My biggest problem with my handling seems to be my rushing around. This is no surprise, I even noted it a few posts ago in my DOCNA trial report. Not many bars came down during the seminar and many that did come down were the result of rushing which is as I expected. A couple came down that Daisy couldn't tell me why and this happens occasionally in lessons with Joy. It's frustrating not to know why because how do you know what to work on but I guess for now I work on the things I know I can control, like my scurrying around in a panic. I wasn't the only one there with this problem it turns out. Not that I'd want to wish it on anyone. Again there was a part of a course I was rushing and flailing my arms and worrying and Daisy told me to walk through it rather than run and sure enough it made all the difference, everything all calm and smooth (well, smoother anyway). It'll be hard to have the discipline to do that during a trial but I think I'm going to have to experiment with it in places where it might be appropriate because it settles both me and Strummer and things go much better.
We did do one course that had a lot of running and distance between jumps, reminded me of a Snooker type course, and that was fun. It wasn't easy and I had my share of mistakes, most of them again involving rushing things, but it was fun.
Overall it was a fun and worthwhile seminar. It was tiring driving up to Fort Collins everyday (a little over an hour each way) but I found a scenic route through the backroads that was quicker than the highway which jangled my nerves on the first day and I had someone to carpool with one day so it wasn't so bad. Normally I'm not fond of the seminar format, so much sitting around watching other people and waiting, I get bored after a couple of hours and I don't typically learn all that much from watching other people. Occasionally I'll pick up little things here and there but it's not the most effective way for me to learn. But there were a lot of great handlers there, it was interesting to watch them and to see that they also struggle with things.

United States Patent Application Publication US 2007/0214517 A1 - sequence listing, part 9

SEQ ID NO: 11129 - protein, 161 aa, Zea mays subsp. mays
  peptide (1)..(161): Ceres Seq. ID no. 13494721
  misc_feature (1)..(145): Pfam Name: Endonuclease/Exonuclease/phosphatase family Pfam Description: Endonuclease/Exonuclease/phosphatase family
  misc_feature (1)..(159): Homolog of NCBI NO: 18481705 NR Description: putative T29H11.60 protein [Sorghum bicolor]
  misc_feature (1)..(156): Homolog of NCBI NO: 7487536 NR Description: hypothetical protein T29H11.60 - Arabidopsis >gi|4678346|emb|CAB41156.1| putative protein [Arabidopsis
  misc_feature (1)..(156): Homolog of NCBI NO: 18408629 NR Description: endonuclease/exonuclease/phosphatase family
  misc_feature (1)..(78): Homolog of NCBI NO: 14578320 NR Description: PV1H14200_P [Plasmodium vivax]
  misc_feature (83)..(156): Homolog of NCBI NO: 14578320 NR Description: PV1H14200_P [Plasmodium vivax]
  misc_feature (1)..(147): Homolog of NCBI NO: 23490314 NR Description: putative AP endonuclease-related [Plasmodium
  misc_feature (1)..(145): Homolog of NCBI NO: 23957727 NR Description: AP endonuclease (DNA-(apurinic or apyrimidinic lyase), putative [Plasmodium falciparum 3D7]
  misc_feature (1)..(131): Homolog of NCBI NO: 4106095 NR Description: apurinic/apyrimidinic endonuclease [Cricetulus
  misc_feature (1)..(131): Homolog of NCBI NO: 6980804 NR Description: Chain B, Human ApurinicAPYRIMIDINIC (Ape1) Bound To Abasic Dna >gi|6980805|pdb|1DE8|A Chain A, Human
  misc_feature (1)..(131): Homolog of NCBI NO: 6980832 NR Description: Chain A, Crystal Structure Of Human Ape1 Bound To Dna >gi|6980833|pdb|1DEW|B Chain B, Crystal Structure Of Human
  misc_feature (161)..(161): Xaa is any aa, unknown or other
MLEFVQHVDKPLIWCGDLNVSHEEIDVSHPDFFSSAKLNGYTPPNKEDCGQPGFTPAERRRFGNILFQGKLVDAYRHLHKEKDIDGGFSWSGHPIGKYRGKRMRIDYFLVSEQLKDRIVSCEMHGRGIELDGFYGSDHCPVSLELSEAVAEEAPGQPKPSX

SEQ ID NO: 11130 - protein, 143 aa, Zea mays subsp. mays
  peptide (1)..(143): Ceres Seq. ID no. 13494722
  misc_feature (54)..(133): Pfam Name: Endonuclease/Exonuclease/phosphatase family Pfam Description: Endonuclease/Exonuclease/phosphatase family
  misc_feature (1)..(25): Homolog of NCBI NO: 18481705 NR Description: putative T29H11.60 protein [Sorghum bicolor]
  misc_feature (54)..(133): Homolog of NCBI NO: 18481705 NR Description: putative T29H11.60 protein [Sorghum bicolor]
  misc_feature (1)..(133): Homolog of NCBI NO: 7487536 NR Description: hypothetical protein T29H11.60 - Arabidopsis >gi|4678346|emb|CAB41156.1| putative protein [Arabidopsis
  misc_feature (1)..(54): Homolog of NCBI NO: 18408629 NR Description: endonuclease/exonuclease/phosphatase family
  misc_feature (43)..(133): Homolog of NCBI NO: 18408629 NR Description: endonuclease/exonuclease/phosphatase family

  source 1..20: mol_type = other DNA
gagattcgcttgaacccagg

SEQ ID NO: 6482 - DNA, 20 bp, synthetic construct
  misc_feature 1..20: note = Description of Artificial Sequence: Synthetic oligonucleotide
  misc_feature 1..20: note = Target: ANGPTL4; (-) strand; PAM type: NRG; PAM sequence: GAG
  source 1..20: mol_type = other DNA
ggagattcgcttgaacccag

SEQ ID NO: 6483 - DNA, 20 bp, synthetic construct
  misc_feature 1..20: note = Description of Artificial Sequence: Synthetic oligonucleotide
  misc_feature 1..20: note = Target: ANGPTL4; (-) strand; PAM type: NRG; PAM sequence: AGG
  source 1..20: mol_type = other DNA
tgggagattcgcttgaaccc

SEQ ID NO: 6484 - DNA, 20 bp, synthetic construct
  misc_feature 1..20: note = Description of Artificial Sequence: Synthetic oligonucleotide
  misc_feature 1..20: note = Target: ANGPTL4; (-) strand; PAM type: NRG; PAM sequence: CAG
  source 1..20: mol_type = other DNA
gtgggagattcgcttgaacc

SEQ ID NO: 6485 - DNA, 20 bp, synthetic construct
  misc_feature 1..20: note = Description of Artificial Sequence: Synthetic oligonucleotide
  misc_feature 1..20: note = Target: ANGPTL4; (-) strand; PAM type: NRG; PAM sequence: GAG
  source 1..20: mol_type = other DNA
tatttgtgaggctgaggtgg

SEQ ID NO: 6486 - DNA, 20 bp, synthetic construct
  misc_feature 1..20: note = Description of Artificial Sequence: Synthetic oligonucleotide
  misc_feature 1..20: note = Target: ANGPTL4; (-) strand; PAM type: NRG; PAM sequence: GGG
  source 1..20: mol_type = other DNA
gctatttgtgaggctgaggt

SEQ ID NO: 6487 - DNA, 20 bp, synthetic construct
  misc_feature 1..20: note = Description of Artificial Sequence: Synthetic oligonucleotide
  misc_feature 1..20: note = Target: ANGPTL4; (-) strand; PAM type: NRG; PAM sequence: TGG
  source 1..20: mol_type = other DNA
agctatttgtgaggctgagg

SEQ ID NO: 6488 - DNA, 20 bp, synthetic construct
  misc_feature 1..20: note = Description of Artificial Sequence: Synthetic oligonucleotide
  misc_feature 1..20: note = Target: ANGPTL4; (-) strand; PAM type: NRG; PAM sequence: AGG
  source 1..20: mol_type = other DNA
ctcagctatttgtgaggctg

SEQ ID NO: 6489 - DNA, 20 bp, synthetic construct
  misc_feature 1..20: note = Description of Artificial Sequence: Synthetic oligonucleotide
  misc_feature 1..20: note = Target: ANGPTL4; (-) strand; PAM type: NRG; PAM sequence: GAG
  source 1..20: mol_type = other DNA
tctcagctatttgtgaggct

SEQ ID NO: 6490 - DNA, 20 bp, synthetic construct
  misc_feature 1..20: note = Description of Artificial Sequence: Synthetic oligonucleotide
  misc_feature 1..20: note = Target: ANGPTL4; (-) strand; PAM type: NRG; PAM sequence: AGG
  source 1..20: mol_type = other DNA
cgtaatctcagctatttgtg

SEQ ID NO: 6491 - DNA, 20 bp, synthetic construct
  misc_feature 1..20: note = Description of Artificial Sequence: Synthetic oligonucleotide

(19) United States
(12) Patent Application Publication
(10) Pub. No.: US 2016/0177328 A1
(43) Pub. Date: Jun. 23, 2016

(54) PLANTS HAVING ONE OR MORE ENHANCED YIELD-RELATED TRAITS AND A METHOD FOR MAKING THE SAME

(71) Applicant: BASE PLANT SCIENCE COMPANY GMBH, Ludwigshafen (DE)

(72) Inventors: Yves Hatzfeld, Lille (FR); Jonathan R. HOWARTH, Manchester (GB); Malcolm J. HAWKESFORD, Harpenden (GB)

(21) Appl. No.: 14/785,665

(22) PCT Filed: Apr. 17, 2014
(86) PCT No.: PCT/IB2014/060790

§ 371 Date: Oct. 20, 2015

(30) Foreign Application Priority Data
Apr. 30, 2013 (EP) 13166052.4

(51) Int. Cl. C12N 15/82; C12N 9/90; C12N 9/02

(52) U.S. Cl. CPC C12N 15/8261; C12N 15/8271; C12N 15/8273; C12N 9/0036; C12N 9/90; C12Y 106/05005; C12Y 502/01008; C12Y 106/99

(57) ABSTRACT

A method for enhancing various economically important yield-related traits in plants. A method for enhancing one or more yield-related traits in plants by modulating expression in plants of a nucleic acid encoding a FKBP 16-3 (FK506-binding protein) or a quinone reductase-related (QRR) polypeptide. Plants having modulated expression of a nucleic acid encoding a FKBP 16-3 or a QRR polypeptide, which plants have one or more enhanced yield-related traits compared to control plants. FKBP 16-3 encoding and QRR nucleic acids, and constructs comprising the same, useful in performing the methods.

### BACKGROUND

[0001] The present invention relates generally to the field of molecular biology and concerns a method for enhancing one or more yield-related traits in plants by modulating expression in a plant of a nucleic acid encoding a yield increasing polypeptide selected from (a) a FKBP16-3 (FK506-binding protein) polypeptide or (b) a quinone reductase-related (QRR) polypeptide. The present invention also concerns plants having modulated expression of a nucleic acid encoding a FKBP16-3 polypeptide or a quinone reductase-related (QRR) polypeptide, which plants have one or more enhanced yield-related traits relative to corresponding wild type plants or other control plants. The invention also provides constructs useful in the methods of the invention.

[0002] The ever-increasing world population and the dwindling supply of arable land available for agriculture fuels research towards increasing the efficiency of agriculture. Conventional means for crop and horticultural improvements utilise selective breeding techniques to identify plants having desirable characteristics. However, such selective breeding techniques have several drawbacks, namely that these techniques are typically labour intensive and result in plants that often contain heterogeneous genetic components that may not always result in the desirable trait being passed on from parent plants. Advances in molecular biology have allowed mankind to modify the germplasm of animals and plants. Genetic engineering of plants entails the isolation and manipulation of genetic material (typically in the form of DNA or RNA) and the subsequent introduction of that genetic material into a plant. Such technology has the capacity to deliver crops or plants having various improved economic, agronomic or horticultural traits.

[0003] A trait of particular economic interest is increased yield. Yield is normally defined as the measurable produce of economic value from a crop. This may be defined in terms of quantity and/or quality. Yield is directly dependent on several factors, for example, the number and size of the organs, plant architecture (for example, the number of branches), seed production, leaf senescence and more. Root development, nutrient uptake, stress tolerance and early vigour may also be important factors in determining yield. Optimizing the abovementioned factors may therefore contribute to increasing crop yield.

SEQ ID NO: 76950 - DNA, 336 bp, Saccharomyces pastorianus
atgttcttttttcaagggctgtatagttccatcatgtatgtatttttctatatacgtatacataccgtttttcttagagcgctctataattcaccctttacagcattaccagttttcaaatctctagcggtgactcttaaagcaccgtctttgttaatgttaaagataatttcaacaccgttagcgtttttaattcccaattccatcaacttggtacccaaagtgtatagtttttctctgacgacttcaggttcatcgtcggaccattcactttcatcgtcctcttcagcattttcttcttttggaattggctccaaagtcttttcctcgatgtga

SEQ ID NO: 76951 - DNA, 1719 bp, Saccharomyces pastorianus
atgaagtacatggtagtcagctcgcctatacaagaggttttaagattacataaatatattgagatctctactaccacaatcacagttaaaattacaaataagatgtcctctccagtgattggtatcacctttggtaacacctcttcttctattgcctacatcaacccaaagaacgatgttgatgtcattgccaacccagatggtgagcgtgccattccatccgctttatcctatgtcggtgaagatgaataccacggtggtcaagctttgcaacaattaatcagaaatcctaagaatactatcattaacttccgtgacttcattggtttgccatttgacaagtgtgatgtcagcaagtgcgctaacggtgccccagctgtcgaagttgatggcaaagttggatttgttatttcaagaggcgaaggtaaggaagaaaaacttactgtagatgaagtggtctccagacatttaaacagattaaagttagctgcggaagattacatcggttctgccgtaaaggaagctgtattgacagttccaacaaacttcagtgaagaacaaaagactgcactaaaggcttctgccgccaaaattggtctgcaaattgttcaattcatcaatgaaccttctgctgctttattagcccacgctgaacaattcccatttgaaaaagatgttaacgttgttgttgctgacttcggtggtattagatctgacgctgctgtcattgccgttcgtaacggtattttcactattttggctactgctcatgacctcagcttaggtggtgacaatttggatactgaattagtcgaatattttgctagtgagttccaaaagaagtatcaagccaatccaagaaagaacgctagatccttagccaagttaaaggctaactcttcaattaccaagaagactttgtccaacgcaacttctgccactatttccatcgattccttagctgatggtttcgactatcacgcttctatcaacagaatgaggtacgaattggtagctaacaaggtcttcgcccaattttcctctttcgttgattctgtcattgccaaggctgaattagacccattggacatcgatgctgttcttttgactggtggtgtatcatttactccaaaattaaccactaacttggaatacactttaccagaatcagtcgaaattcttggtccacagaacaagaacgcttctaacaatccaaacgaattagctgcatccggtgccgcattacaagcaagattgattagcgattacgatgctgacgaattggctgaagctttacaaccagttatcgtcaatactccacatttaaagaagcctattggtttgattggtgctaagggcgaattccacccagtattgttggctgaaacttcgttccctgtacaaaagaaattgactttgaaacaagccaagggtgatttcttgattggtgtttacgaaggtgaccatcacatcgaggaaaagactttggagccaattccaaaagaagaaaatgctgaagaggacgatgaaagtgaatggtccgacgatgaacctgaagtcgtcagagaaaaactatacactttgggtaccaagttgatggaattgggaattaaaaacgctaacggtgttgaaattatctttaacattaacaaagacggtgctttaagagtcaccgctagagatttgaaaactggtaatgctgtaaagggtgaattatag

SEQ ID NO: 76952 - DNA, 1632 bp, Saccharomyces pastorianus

Strummer was bad in his crate for the first 2 days because it was too hot to put him in the car for most of the time and he got worse with each day. It's simply too much stimulation for him to be so near the ring and it builds up making him even more sensitive to it. Flooding doesn't work with this dog and in fact it makes him worse. I did manage to keep him from barking his fool head off the whole time, just, and he wasn't disruptive to the seminar but it was tiring having to deal with him. On Thursday it was cool enough that I could keep him in the car and it was a much more relaxing day for both of us. He almost seemed relieved and I was able to watch the other people more and hear what Daisy had to say to them. He was more relaxed ringside waiting his turn too since he wasn't spending all his down time getting worked up. Silly dog, one of these days he's going to be normal, or so I keep telling myself.